“Your husband is in seminary. What would he think about what you’ve done?”
I was 21, and these words shattered my heart. They have become a haunting soundtrack to some of my darkest days, and their rhythm has sometimes been hard to escape. It was the first time my husband’s position had been used as a weapon against me. It would not be the last.
I’ve written before about my fear of pedestals, about how sometimes people want to build them for my husband, how I know that the building of them is often followed by the smashing of them. Pastors are often seen and analyzed but not known, are often viewed as a smidge more God-like than human-like. I’ve learned that pastors and the members of their families are supposed to say they’re sinners, but any actual proof of this is unwelcome.
Overall, I enjoy being a pastor’s wife. There’s something special about being fully immersed with a specific group of people together, of knowing them well and leaning on the Holy Spirit together to discern how they can best be served. But there are some unique challenges that ministry families face, and I have learned that when people know about these challenges, they are grateful for the inside scoop and eager to show kindness in whatever way they can. And I think we all have permission to gently express the things that are hard for us, in our unique jobs, in our unique families, with our unique giftings. How will I know if you don’t tell me? How will you know if I don’t tell you?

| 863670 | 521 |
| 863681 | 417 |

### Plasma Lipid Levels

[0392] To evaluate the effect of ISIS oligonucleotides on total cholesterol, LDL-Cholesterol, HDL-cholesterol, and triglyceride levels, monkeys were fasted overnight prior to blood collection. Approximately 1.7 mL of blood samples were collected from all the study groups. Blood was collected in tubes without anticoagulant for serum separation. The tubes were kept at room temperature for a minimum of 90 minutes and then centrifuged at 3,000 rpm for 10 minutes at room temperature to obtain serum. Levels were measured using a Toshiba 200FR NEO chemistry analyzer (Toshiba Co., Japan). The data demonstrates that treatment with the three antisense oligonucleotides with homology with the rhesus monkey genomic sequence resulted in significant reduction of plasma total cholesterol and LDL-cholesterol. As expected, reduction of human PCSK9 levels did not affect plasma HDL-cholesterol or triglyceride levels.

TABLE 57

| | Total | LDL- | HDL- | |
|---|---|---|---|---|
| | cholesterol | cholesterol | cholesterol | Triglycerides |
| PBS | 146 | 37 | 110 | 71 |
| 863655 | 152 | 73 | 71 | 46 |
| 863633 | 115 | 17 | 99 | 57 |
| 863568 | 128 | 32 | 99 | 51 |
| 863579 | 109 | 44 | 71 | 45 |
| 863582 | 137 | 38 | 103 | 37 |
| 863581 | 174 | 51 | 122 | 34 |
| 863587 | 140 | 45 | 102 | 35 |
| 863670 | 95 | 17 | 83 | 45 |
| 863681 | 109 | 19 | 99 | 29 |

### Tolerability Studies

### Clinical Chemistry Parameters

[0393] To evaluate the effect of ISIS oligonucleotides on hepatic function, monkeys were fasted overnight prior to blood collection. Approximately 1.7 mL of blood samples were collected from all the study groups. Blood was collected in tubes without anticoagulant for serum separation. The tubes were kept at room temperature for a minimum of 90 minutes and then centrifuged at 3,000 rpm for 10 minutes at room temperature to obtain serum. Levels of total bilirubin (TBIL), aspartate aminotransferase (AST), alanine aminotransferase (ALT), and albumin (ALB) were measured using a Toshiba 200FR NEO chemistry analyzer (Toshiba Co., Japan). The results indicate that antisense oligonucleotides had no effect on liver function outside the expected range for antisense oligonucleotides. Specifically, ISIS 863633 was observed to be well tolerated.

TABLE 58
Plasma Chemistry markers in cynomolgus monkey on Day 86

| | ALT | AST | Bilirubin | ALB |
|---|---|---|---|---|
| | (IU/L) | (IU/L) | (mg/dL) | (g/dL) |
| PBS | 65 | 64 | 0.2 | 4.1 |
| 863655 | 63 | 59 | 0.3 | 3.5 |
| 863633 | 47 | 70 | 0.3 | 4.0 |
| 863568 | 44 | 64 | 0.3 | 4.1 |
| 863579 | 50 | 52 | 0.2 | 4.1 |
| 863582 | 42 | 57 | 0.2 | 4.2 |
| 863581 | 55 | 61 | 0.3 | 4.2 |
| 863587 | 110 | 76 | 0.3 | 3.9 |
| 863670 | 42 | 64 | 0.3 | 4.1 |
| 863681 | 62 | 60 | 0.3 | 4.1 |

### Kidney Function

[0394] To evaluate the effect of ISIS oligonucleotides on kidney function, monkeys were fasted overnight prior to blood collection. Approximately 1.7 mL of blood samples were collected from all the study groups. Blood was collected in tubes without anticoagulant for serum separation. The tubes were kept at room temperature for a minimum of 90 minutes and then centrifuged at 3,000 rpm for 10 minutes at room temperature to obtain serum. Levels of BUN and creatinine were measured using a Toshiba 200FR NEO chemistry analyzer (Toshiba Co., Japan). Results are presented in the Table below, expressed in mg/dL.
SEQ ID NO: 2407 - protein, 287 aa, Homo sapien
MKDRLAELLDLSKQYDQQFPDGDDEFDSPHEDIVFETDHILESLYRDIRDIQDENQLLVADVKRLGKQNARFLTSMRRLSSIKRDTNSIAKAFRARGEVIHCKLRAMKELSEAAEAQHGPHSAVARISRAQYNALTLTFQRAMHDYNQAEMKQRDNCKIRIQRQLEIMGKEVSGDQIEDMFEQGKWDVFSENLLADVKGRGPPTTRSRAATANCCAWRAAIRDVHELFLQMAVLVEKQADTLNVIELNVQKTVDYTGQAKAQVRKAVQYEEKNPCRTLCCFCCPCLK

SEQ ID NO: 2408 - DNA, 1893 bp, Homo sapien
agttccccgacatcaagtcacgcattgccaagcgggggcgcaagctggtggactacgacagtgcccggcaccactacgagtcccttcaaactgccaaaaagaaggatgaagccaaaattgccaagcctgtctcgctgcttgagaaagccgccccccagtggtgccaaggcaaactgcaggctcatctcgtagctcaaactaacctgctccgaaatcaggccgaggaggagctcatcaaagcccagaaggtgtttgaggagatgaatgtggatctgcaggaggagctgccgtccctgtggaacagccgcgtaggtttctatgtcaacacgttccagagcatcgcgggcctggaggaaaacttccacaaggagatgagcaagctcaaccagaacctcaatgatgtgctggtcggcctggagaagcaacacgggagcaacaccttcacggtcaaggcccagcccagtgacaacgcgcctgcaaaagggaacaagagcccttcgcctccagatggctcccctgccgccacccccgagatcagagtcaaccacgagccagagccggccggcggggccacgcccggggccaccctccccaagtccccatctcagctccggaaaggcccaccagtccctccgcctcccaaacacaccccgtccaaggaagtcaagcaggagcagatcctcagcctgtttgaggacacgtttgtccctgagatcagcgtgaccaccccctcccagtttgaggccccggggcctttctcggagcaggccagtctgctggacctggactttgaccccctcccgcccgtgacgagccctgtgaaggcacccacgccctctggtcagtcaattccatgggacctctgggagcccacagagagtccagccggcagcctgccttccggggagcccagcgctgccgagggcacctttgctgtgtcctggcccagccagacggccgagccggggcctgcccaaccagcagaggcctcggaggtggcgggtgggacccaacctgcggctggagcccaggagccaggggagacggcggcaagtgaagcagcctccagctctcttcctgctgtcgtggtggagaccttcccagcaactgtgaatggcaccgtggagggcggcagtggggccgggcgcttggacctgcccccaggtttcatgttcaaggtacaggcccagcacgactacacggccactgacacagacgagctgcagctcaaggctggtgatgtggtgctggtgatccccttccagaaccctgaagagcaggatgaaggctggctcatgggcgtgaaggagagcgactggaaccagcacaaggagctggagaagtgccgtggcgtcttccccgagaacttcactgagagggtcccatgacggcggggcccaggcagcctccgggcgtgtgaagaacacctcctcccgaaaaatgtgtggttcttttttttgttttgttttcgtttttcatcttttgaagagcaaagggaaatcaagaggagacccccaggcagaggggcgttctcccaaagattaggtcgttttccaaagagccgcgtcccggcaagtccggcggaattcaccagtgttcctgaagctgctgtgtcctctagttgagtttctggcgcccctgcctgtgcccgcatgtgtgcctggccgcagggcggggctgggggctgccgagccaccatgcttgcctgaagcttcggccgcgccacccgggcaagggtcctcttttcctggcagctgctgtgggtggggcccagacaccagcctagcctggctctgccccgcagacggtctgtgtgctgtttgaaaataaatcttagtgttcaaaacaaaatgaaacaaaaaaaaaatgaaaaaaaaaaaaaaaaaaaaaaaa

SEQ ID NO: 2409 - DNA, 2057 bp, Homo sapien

So this is me, telling: Pastors’ wives have a unique set of challenges, and I think the primary challenge is one of community.
Sometimes people do not want to be my friend because my husband is a pastor. Sometimes people want to be my friend because my husband is a pastor. Both make me feel funny.
On many occasions, people have come to our house, and they feel weird to sit at our table, like it is somehow different than other tables and wasn’t smeared with yogurt just ten minutes prior. I’m sad because I’m just Caroline and he’s just Luke, and we just want them to feel comfortable here. But they aren’t. At least, not yet.
Because our relationships are often strained, distorted, or awkward at the onset, many will caution younger pastors’ wives that they must be careful whom they trust, that they must be sure not to share family or church struggles with anyone.
I am sure this advice comes from a kind, protective place, but in my ears, it sounds like that hammering—like I’m building a pedestal, or reinforcing it. It sounds like it’s part of my job description to keep my pastor husband up there, to make sure people are forever able to idolize him, to think he’s not perfect, but pretty darn close.